Green Fund open to students

Grace Riggert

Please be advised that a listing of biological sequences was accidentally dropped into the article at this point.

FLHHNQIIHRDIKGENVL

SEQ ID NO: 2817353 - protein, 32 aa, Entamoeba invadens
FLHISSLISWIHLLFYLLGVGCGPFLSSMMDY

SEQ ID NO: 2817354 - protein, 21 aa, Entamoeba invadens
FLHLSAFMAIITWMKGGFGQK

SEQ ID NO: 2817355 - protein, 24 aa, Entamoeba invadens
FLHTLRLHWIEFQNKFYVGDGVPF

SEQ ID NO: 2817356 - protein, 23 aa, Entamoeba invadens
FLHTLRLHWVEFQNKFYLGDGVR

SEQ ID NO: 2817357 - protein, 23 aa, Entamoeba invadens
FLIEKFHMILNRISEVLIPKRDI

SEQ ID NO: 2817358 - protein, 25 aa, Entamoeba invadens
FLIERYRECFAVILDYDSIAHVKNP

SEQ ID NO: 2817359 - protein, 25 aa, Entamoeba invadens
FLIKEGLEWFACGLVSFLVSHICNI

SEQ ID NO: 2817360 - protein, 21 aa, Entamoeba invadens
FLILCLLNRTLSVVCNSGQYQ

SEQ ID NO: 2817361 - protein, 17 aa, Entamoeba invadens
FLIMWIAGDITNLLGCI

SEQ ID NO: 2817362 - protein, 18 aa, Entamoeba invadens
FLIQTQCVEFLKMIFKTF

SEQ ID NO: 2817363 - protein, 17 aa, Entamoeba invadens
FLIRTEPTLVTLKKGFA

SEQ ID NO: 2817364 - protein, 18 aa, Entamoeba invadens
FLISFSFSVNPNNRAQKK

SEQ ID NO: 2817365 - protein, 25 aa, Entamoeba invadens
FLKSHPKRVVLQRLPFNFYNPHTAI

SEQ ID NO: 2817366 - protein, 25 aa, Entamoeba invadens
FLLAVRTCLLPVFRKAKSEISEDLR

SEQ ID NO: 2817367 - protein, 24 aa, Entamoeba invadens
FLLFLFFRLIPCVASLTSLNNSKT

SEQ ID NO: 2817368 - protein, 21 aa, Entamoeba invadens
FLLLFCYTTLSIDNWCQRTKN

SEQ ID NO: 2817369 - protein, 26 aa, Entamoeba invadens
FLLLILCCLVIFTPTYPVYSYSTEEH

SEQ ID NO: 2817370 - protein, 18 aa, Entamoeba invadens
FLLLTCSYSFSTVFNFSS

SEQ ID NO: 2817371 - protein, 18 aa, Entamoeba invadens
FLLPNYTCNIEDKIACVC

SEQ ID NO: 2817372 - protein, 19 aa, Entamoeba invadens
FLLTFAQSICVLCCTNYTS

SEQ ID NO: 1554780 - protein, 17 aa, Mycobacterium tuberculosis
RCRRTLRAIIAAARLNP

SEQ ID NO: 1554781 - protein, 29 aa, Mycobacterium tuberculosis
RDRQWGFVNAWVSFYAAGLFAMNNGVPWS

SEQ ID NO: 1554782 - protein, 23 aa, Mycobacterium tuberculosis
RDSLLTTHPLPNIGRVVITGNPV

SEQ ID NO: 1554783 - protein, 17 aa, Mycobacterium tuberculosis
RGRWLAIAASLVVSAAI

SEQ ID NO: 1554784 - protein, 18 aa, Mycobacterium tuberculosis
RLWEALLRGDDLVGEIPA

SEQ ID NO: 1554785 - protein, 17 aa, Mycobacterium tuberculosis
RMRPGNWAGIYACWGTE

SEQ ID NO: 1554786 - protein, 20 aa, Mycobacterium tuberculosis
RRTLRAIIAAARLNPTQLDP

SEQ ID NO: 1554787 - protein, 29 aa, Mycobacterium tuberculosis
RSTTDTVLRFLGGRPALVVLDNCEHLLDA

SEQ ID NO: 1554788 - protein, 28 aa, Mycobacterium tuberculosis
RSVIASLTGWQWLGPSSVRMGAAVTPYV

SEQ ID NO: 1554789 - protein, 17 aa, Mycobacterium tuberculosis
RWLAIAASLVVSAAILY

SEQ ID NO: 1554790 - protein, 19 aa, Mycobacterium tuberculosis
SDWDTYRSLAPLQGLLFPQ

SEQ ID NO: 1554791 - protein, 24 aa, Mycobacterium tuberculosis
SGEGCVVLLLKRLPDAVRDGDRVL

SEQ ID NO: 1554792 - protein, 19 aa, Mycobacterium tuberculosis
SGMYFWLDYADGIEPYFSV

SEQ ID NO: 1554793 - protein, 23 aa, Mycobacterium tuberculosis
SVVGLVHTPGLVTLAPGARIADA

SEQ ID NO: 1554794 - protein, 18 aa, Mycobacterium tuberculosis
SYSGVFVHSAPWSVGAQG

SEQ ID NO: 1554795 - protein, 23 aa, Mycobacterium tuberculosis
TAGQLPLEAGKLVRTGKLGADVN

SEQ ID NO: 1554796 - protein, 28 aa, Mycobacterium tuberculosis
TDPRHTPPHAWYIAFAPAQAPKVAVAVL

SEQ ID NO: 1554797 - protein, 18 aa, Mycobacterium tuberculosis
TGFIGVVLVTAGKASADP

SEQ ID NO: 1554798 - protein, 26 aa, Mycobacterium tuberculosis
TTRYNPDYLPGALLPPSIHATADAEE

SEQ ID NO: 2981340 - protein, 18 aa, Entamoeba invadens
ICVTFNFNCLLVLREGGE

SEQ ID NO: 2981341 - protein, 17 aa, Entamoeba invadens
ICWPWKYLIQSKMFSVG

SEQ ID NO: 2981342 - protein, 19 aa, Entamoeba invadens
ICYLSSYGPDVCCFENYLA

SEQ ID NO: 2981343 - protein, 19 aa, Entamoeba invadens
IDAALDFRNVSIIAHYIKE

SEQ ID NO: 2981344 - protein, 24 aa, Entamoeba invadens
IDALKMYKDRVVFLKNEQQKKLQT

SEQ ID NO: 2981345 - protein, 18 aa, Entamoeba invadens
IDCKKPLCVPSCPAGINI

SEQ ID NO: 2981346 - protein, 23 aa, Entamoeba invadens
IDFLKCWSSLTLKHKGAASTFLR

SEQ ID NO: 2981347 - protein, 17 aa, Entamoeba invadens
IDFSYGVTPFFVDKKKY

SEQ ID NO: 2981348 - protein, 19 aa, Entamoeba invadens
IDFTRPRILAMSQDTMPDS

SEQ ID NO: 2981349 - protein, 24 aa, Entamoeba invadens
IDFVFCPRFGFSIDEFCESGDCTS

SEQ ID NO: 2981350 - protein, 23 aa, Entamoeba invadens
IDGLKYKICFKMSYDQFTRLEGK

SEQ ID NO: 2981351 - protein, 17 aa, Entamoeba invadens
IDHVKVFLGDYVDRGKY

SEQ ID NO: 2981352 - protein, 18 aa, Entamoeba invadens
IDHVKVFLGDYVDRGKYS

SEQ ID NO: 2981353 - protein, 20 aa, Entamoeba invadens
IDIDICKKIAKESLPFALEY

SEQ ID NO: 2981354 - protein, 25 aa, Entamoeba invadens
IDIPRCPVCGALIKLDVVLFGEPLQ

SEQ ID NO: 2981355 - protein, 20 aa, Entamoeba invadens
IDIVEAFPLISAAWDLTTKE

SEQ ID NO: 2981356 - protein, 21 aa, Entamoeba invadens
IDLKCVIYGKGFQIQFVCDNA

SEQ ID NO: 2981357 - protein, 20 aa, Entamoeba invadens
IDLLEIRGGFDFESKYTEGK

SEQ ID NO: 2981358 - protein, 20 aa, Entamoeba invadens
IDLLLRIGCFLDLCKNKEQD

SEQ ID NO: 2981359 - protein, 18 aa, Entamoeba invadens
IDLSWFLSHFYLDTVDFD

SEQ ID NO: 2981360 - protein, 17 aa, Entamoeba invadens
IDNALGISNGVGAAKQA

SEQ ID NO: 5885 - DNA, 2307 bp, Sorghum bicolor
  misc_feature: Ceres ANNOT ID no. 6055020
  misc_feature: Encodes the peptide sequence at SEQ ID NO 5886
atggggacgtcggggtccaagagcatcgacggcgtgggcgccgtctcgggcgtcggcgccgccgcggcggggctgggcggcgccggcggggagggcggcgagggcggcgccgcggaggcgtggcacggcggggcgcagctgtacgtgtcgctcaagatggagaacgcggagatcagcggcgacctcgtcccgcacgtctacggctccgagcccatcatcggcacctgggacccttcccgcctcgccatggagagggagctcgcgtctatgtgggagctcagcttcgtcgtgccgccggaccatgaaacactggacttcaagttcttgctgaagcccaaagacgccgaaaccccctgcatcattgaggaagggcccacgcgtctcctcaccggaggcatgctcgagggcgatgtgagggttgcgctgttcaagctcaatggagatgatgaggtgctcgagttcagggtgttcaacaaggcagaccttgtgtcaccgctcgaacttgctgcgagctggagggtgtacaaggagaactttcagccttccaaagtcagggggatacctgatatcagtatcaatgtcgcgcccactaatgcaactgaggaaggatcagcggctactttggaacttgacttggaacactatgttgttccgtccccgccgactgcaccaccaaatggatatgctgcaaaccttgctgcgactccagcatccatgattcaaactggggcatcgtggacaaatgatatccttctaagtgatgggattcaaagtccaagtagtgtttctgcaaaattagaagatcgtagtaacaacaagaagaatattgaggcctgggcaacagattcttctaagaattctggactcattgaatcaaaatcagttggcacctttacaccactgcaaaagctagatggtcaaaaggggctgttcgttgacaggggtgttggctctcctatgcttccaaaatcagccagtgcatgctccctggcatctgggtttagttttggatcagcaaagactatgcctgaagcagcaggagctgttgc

The Green Fund is now accepting proposals for the 2015-2016 school year to further UW Oshkosh’s commitment to sustainability. These proposals or green initiatives can be submitted by students during the academic year, allowing them to be a part of UWO’s sustainability plan. “We’re hoping that the Green Fund is truly a democratic fund that is open to everyone, and everybody is encouraged to participate,” Director of Sustainability Brian Kermath said. Kermath, who has been with UW Oshkosh for three years, said there have been no proposals submitted this year, but ideas may be generated through sustainability-focused quest courses. “There are currently a number of classes that will probably generate some proposals,” Kermath said. “Through the classroom it is a good way for students who would otherwise not be thinking of [sustainability] to think about it and to have some guidance from a faculty or staff person.” One proposal that is in effect and is being well received on campus are the two FixIt bike repair stations located outside of Reeve Memorial Union and the Student Recreation and Wellness Center. “We have heard from many students that the repair stations are extremely useful, and they feel more comfortable commuting to campus using their bikes now that they can fix it if needed,” Cassandra Fowler, Student Sustainability intern and Sustainability director for the Oshkosh Student Association, said. Overall, the Green Fund is trying to increase the number of bikes used on and around campus. “There is a bike rental program in some dorms, and there are mountain bikes at the SRWC are being used on mountain bike trails,” Student Sustainability intern Emily Husar Martin said. Another proposal from last year currently under construction is the start of permaculture plant beds that will be placed around the Oviatt House next spring. According to Kermath, permaculture stands for permanent agriculture that is sustainable and includes many diverse species, such as edible and medicinal plants. “It could also be habitat-friendly plants that are attractive to bees or monarch butterflies and other kinds of wildlife,” Kermath said. Kermath also hopes the permaculture beds will help further educate students about various plant life. “Now, in the case of a college campus, we not going to plant medicinal plants thinking people will use them but rather it is a way to learn about what medicinal plants are,” Kermath said. Husar Martin said that winter preparations for the project will begin this fall. “This project will start small and expand as students get involved,” Husar Martin said. Both students and staff are excited to see how the permaculture landscape will add to UWO’s sustainability efforts. “The grounds crew on campus has been very supportive and is looking forward to trying this alternative landscape technique,” Fowler said Approved projects receive money from the Green Fund, which is funded through OSA with the help of student segregated fees. “Each year students pays $6.32 towards a green fee which goes into the Green Fund,” Fowler said. Kermath encourages students to get involved with the Green Fund and looks to have 10 to 12 proposals by the end of the academic year. “With the Green Fund, hopefully students feel empowered to make some of these decisions instead of being bystanders,” Kermath said. Fowler looks forward to expanding the Green Fund’s already numerous achievements here on campus. “I believe our biggest achievement [is] to be [the] campus’ response to the Green Fund and its approved projects,” Fowler said. “Everyone from administration to staff, faculty and students have all been supportive and excited to implement more student- run projects on campus.”